This section is from the book "Modern Buildings, Their Planning, Construction And Equipment Vol6", by G. A. T. Middleton. Also available from Amazon: Modern Buildings.
There are many varieties of screw jacks on the market, all of them being adaptations of the bottle-jack before referred to. The only one we need notice here is the variation known as the windlass jack (Fig. 223). The essential difference between this and the simple bottle-jack is that the nut which the screw works in is turned by the vertical handle, by means of a pair of small toothed wheels geared in the ratio of two complete revolutions of the handle to one of the nut. In this way double the weight can be lifted with the same effort as would be used with a bottle-jack. The windlass jack is also provided with a foot lift for applying force between two objects which are too close together to admit the whole length of the jack. This consists of a projecting "foot" attached to the lower end of the screw, and arranged to work through a slot in the side of the frame. The convenience of this arrangement will be apparent on reference to the illustration.
The hydraulic jack (Fig. 224) is a very great advance in every way on any form of screw-jack in existence. It is a simple means of raising enormous weights with very small effort, with, of course, a proportionate loss in speed. It is invaluable when heavy loads have to be moved or raised by hand labour alone, for by its use large pieces of material or machinery can be placed in their permanent positions without entailing the installation of expensive lifting apparatus, such as cranes, etc. Although the full extent of a single lift with the hydraulic jack is seldom more than 10 inches, yet, by means of properly arranged timber "packing" to support the load at the height attained by one lift, the machine or material being raised can be lifted to any desired height by successive lifting and packing. In Fig. 224 a section of the most usual form is given, which combines in itself two functions, lifting either by the head A or by the foot N, the latter arrangement being intended for use when space is limited.
The construction of the jack is as follows: Inside the upper part a force pump H is fitted, having a plunger G which is actuated by the hand-lever D, the fulcrum of which is at c. Below the delivery valve d of this pump is the actual ram M of the jack, which slides freely in the cylinder K, the head being made water-tight in the cylinder by means of the cup-leather a; the difference in area between the ram G of the force-pump and the ram M of the jack representing the gain in pressure. On raising the lever D the water is drawn from the cistern E through the suction valve b into the barrel of the force pump. Pressing the lever downwards closes the valve b, and forces the water through the delivery valve d into the space J above the main ram. Continuing this operation, the ram M moves downwards or the cylinder K upwards, until the jack has reached its maximum travel, when the water finds its way out of the blow-hole L, automatically stopping any further relative movement between ram and cylinder.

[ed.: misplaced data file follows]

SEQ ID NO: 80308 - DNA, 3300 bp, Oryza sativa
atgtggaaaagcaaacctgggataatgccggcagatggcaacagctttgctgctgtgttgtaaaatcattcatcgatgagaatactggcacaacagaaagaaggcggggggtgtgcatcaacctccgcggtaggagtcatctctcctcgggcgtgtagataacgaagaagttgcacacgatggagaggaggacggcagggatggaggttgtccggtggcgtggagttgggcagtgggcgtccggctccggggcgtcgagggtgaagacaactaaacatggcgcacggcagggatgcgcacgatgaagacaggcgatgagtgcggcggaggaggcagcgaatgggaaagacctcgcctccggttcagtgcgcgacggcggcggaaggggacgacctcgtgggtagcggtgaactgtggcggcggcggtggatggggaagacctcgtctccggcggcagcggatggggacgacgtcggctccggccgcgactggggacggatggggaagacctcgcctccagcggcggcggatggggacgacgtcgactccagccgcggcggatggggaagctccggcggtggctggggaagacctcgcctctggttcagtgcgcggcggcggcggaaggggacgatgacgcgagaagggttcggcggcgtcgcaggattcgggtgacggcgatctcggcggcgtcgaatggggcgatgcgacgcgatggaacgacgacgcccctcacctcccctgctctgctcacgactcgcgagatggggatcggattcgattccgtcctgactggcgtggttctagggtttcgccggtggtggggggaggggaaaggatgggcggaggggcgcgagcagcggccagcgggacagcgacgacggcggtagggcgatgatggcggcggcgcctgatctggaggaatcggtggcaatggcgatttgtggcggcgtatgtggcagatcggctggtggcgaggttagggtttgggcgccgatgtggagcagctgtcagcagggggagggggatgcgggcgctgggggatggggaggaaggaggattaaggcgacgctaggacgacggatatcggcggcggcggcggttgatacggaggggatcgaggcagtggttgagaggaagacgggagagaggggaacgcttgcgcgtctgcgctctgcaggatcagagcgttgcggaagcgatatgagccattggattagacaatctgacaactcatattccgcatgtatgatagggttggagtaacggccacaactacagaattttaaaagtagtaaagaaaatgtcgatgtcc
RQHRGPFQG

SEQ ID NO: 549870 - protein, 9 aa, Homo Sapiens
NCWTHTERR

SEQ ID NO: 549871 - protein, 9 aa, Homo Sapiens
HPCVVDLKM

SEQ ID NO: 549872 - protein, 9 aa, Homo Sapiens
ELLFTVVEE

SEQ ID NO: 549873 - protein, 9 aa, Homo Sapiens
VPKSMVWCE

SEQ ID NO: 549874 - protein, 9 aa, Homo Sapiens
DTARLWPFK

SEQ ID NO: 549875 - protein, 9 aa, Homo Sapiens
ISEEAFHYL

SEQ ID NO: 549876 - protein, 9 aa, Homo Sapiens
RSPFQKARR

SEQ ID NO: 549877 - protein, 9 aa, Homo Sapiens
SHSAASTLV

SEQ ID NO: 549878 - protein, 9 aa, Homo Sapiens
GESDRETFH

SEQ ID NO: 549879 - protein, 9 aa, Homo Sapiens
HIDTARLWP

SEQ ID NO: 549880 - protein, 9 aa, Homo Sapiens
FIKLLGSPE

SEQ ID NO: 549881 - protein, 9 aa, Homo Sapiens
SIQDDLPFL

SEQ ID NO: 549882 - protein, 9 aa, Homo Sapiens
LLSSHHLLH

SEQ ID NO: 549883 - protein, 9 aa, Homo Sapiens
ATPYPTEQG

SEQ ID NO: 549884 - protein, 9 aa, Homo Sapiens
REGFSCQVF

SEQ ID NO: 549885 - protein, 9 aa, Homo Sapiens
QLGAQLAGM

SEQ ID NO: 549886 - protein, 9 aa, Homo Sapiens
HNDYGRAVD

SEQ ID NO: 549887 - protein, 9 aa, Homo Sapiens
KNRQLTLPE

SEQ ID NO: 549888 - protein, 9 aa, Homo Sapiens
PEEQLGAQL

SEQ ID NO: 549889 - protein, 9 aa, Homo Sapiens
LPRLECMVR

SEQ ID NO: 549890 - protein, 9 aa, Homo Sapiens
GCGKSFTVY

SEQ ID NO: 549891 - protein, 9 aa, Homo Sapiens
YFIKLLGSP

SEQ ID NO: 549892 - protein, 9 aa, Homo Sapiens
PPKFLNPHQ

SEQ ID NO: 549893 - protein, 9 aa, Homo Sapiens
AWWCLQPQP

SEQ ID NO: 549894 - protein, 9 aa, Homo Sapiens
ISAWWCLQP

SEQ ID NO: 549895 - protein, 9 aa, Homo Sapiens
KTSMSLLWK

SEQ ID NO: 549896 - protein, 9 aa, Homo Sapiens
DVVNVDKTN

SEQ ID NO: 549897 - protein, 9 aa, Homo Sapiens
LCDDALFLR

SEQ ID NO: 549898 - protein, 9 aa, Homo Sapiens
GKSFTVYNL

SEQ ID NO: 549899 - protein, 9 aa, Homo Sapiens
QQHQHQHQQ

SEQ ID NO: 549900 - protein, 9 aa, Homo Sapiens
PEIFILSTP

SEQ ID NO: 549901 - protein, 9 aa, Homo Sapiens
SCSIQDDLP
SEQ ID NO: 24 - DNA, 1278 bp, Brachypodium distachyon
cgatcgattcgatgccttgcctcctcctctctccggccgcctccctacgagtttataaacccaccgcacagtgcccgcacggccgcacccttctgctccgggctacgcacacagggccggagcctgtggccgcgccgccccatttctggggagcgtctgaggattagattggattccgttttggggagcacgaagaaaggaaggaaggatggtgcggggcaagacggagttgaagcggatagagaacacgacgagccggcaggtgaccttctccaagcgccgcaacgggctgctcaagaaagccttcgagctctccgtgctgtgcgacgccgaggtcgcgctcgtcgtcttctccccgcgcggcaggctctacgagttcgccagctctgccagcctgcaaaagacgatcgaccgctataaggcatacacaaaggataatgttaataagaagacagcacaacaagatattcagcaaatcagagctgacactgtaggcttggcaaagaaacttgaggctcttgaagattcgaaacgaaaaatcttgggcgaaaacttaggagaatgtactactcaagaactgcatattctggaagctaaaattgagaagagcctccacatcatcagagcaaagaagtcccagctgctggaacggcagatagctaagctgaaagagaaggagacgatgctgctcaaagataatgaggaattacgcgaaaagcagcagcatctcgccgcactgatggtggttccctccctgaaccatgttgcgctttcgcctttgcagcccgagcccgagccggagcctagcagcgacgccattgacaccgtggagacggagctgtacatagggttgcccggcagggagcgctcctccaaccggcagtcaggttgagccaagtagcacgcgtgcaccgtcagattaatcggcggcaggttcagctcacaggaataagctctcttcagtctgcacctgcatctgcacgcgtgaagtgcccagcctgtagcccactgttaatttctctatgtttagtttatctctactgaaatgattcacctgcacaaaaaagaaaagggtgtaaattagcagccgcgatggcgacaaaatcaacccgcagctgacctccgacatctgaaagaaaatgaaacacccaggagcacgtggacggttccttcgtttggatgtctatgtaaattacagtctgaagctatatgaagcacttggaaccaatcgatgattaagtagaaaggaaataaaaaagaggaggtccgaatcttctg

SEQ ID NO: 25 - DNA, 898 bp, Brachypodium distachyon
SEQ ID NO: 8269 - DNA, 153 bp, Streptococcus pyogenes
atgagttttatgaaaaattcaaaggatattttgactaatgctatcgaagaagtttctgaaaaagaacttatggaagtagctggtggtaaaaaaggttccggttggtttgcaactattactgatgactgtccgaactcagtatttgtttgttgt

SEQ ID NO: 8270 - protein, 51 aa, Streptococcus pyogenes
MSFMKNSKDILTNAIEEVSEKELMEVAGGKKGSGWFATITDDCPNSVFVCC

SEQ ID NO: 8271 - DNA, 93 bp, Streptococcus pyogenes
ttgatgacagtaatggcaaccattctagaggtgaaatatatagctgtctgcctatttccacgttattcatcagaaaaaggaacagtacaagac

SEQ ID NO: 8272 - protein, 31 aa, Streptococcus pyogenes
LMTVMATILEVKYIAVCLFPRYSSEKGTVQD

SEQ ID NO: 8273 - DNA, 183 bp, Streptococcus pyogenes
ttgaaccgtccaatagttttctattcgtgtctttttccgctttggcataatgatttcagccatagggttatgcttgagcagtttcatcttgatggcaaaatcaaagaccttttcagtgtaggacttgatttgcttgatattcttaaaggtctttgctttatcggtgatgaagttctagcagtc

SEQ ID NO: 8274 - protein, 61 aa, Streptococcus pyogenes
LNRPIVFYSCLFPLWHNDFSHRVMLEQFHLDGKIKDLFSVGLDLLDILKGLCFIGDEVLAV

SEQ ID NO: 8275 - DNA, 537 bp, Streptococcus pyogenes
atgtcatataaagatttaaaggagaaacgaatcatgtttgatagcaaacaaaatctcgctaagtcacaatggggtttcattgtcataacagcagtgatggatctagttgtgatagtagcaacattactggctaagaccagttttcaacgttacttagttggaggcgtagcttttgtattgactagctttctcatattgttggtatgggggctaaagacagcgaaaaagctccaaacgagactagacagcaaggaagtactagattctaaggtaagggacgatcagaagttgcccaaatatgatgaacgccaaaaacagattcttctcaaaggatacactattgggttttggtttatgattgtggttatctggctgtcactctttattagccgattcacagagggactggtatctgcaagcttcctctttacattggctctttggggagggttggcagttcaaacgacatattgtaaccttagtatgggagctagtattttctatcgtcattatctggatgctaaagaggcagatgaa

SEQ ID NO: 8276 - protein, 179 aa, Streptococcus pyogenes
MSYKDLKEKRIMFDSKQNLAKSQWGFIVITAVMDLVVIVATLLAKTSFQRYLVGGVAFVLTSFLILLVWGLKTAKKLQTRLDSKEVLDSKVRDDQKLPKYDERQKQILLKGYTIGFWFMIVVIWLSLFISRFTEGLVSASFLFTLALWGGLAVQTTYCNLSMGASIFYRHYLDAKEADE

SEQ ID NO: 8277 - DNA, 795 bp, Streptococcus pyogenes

When about to operate the jack, the cylinder K should be brought down to the bottom of the ram as shown in Fig. 224. The cistern E should then be filled with water through the hole left when the charging screw C has been removed. Care should be taken that clean water only is used in the jack, as any grit, sand, etc., contained in the water is liable to both choke the valves of the force pump and cut the cup-leather a and cause it to leak. To prevent the water freezing in cold weather it is advisable to fill the cistern with a mixture of water and glycerine in the proportion of three to one. This mixture not only serves to reduce the freezing-point, but also to keep the leather in good condition, and lubricate the gear generally. The cistern having been filled, the lowering screw F is unscrewed and the lever D worked up and down a few times, thus forcing water into the space H and driving the air, present in H previously, through the open valve e back into the cistern E, whence it can escape through the air passage B.
This air passage should be left slightly open all the time the jack is being used, to allow air to enter and escape from the cistern. When all the air has been expelled from the space H the screw F is tightened, closing the valve e. The jack is now ready for work, and on being placed in position under the load to be raised, and the lever D being worked, the cylinder K will rise on the ram M until the blow-hole L rises above the cup-leather, after which no further motion can be obtained. It is not usual, however, to work the jack to its full limit, as the water under heavy pressure passing out of the hole L is likely to damage the cup-leather of the ram. To lower the jack the screw F is slacked back, a passage being thus provided for the water to flow back from the space J over the ram to the cistern E. If the jack is being lowered under load the speed of lowering can be controlled absolutely by adjusting the screw F and allowing the water to pass as slowly or rapidly as may be required.
With regard to lifting on the foot N, it should be noted that it is not advisable to lift more than about 50 per cent. of the load for which the jack is constructed to carry on the head A, if the distance to be travelled is more than a few inches, it being apparent from the position of the foot that the lift is not nearly so direct if it be used.